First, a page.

4030
Scrum Master vs. Project Manager: Differences and ...

Organizations that are new to Agile and Scrum comm... Read More

Transition From SAFe 4.0 to SAFe 4.5: The Changes In Sight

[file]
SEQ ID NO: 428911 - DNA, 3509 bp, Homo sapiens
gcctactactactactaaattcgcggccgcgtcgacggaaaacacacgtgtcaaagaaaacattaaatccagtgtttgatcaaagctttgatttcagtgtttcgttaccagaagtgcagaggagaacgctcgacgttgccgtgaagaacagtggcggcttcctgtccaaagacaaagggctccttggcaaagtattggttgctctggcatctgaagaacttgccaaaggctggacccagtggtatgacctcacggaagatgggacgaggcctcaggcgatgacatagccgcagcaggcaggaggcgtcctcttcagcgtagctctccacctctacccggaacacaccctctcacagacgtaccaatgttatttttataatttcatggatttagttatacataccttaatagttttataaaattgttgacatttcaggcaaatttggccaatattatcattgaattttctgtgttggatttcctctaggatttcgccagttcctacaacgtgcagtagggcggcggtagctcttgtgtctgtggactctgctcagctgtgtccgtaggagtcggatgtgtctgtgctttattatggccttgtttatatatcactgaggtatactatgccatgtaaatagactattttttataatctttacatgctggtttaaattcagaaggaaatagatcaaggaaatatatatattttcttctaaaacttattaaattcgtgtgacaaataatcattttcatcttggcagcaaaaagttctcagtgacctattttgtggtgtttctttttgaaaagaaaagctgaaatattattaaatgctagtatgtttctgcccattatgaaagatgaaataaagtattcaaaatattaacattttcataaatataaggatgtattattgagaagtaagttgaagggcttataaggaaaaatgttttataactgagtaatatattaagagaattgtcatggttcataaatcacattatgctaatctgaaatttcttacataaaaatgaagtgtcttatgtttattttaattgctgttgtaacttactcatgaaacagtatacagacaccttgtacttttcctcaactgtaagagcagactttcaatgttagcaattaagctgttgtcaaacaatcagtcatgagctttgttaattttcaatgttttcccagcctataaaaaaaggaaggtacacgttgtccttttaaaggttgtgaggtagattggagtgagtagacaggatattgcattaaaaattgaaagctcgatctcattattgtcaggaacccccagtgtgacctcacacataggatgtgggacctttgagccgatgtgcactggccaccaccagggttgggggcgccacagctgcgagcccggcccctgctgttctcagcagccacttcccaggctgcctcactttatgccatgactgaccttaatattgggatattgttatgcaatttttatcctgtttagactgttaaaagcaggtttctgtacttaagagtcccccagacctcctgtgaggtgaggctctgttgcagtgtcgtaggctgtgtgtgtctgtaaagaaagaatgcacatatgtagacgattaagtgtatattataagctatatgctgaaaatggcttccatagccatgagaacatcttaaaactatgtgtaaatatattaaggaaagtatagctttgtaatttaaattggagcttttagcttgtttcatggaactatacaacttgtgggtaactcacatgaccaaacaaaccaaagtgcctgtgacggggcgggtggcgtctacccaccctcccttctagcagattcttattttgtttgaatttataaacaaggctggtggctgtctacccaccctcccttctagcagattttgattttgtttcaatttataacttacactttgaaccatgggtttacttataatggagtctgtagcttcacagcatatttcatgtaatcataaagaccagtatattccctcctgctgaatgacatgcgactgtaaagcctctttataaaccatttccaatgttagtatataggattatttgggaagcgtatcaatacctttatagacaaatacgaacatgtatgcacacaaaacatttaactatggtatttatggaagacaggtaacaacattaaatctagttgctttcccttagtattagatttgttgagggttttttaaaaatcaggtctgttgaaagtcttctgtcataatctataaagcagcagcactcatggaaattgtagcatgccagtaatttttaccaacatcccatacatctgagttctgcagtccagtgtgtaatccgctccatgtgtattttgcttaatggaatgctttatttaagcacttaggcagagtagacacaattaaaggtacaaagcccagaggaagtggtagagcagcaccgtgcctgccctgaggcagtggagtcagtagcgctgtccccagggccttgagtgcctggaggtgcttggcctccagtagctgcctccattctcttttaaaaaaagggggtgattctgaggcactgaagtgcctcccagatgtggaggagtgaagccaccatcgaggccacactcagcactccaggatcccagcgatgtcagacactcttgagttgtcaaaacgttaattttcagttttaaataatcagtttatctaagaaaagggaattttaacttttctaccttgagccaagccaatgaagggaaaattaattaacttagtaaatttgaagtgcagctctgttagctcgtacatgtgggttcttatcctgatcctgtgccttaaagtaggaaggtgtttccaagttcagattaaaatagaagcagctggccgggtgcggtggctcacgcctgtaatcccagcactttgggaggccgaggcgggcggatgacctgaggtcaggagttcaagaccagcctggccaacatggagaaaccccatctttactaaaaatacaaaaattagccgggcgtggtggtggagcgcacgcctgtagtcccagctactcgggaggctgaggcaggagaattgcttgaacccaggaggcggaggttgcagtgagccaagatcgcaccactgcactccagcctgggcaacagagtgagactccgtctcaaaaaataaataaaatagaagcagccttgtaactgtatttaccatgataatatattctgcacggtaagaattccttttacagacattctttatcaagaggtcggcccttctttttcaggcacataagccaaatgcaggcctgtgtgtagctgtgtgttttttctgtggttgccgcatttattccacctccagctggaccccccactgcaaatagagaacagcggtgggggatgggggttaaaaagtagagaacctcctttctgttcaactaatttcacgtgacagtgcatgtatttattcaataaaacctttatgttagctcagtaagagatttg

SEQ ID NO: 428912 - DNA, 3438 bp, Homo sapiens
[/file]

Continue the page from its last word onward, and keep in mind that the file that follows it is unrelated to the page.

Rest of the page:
Around 2 years ago, Scaled Agile Inc. launched SAFe 4.0 as a methodology to broaden the existing Agile practices in the organizations. It soon gained a widespread popularity in the top organizations. But several barriers on a digital scale were preventing a full-fledged organization-level implementation of the new changes. So while organizations were engaged in acquiring new features in SAFe by encouraging people to do SAFe certification at different levels, the team at Scaled Agile Inc. were focussing on the framework that would completely align with the existing technology trends and the market needs.  The Challenge Dean Leffingwell, Director and Chief Methodologist at Scaled Agile Inc., mentioned in one of his articles about the most important tenets in SAFe, that can foster the quickest delivery once the same principles are adopted in the existing Scaled Agile Framework.  Due to the resulting complexities of the SAFe 4.0 framework, it was challenging to embark on the SAFe Implementation Roadmap. Hence, organizations were seeking a path that can be specific and would require less efforts to achieve faster results. To overcome this challenge, Scaled Agile Inc. has released SAFe 4.5, the improved version of SAFe 4.0. It is the reflection of field research completed in the span of 1.5 years. The field research includes feedback from the clients and tons of implementations. SAFe 4.5 is leaner, more Agile and easily learnable as compared to its predecessors and better at yielding faster outcomes. The Vision What is new in SAFe 4.5? Let us discuss the major upgrades in the latest version of Scaled Agile- SAFe 4.5. The key areas of improvements are as follows: Flexibility and Configurability  Innovation with Lean Startup and Lean UX ­ Scalable DevOps & Continuous Delivery  Implementation Roadmap Backward compatibility  Before moving on to a detailed discussion on the new features in SAFe 4.5, it is important that you first know some of the best ways to implement Leading SAFe 4.5 in your organization.  1. Flexibility and Configurability: SAFe 4.5 configuration supports a wide range of development environments, from the simplest to the most complex one. This version is able to scale to meet the challenges of the growing organizations. SAFe 4.5 has come up with four new configurations, viz.-  Essential SAFe- Realizes the benefits for the organizations. Portfolio SAFe- Consists of preparing strategy and investment funding, Agile operations, and Lean governance.  Large solution- Builds big systems that include multiple ARTs and Suppliers. Full SAFe- Gives all Lean-Agile benefits to the larger enterprises. 2. Innovation with Lean Startup and Lean UX:­ The coordination of Lean startup and Lean UX in SAFe not only initiates investments in the form of Minimum Viable Product (MVP), but also the feedback is carried out from the customers in order to make valuable decisions more quickly.  3. Scalable DevOps & Continuous Delivery:  SAFe 4.5 integrated with Lean ‘hypothesis-build-measure-learn’ cycle and Scalable DevOps & Continuous Delivery, delivers more innovative solutions more briskly. Being a big enterprise, you can innovate various solution elements with the help of SAFe 4.5.  4. Implementation Roadmap: SAFe Implementation Roadmap describes a strategy and field experience based on the organizational change management. It also describes the critical moves that an organization can make in order to achieve long-term gains with SAFe and ensure early success in the project.   4.5  Backward compatible: A good news for all Agile teams is that SAFe 4.5 is backward compatible. Those who were implementing SAFe 4.0 principles can carry on with these without moving a rock in the current version as all the features of SAFe 4.0 are still in place. You just need to be familiar with the updated practices in SAFe 4.5.  Why is SAFe 4.5 Certification crucial? SAFe 4.5 certification renders the proficiency to effectively apply Scaled Agile Framework, Lean Thinking and Agile principles for product development flow in the enterprises. After the training, you can utilise your practical experience in implementing the SAFe framework in the scaled organizations. Nowadays, enterprises have started implementing SAFe, as they are getting more benefits like- Employee engagement,  Faster time to market,  Improved productivity and  Quality   Today, employees are seeking more meaningful and challenging jobs to keep abreast of the digitized world. Employees can shape their careers by taking part in training sessions and accessing various knowledgeable resources. Scaled Agile Inc. always believes in uplifting the status of the employees in this regard. The institute has an inventory of role-based courses and certifications.  Let us explore the myriad certification options available for SAFe 4.5: 1. SAFe Course: SAFe 4.5 for teams- SAFe 4.5 for teams is a professional course. It is a course for the dedicated team members who are skilled in designing, building, and testing in a very short timeline. Team members who are looking to working in SAFe environment as part of ART (Agile Release Train) should consider this training for understanding of Agile, Scrum & SAFe. Career prospect: Team member as part of ART in SAFe 2. SAFe Course: SAFe 4.5 Scrum Master (SSM) Certification Training- SAFe 4.5 Scrum Master Certification (SSM) is a team-based course, in which the Scrum Master helps teams to manage and deliver quality products implementing effective Agile practices. The Scrum Master is a servant-leader and carries out fruitful coordination between teams on the Agile Release Trains (ARTs) by conveying a status to the management when needed.      Career prospect: SAFe Advanced Scrum Master, SAFe Product Owner/Product Manager, SAFe Release Train Engineer, SAFe Agilist 3. SAFe Course: SAFe 4.5 Advanced Scrum Master course- The SAFe 4.5 Advanced Scrum Master course (SASM) allows Scrum Masters to use their broader knowledge of Agile and Scrum anti-patterns to facilitate multiple cross-team interactions, thereby getting rapid continuous value delivery.   Career prospect:  SAFe Product Owner/Product Manager, SAFe Release Train Engineer, SAFe Program Consultant, SAFe Agilist 4. SAFe Course: SAFe 4.5 Product Owner/ Product Manager- The SAFe 4.5 Product Owner/ Product Manager course based on Lean-Agile principles, allows Product Owner/ Product Manager to improve certain areas like architecture, funding, integrations, governance, and roles to get Agile success at an enterprise level.    Career prospect:  SAFe Agilist, SAFe Advanced Scrum Master, SAFe Release Train Engineer, SAFe Program Consultant 5. SAFe Course: SAFe 4.5 Release Train Engineer Certification course- The SAFe 4.5 Release Train Engineer Certification course (RTE) helps manage Agile Release Trains (ARTs) and value execution. These professionals become well equipped to remove obstacles, mitigate risks and yield continuous improvement. The RTE can be a part of the Lean-Agile transformation by training Managers, teams and Scrum Masters. Also, they help to adopt SAFe principles in the team. Career prospect: SAFe Agilist, SAFe Program Consultant 6. SAFe Course: Leading SAFe 4.5 training course- Leading SAFe 4.5 certification course is a complete solution for the scaled Agile teams in the organizations to carry out Agile transformation smoothly. Applying Lean-Agile principles is considered as the first step towards a change, which includes synchronizations, collaborations, and quality delivery.   Career prospect:  SAFe Release Train Engineer, SAFe Program Consultant Conclusion: In the aggregate, all the SAFe 4.0 features are updated in the new SAFe 4.5 version. Since SAFe 4.5 is fully backward compatible, you can learn a lot more things, and benefit from the additional features along with the principles present in the older version. With the different levels of SAFe 4.5 certifications, you can upgrade to new features to keep pace with the technology revolution.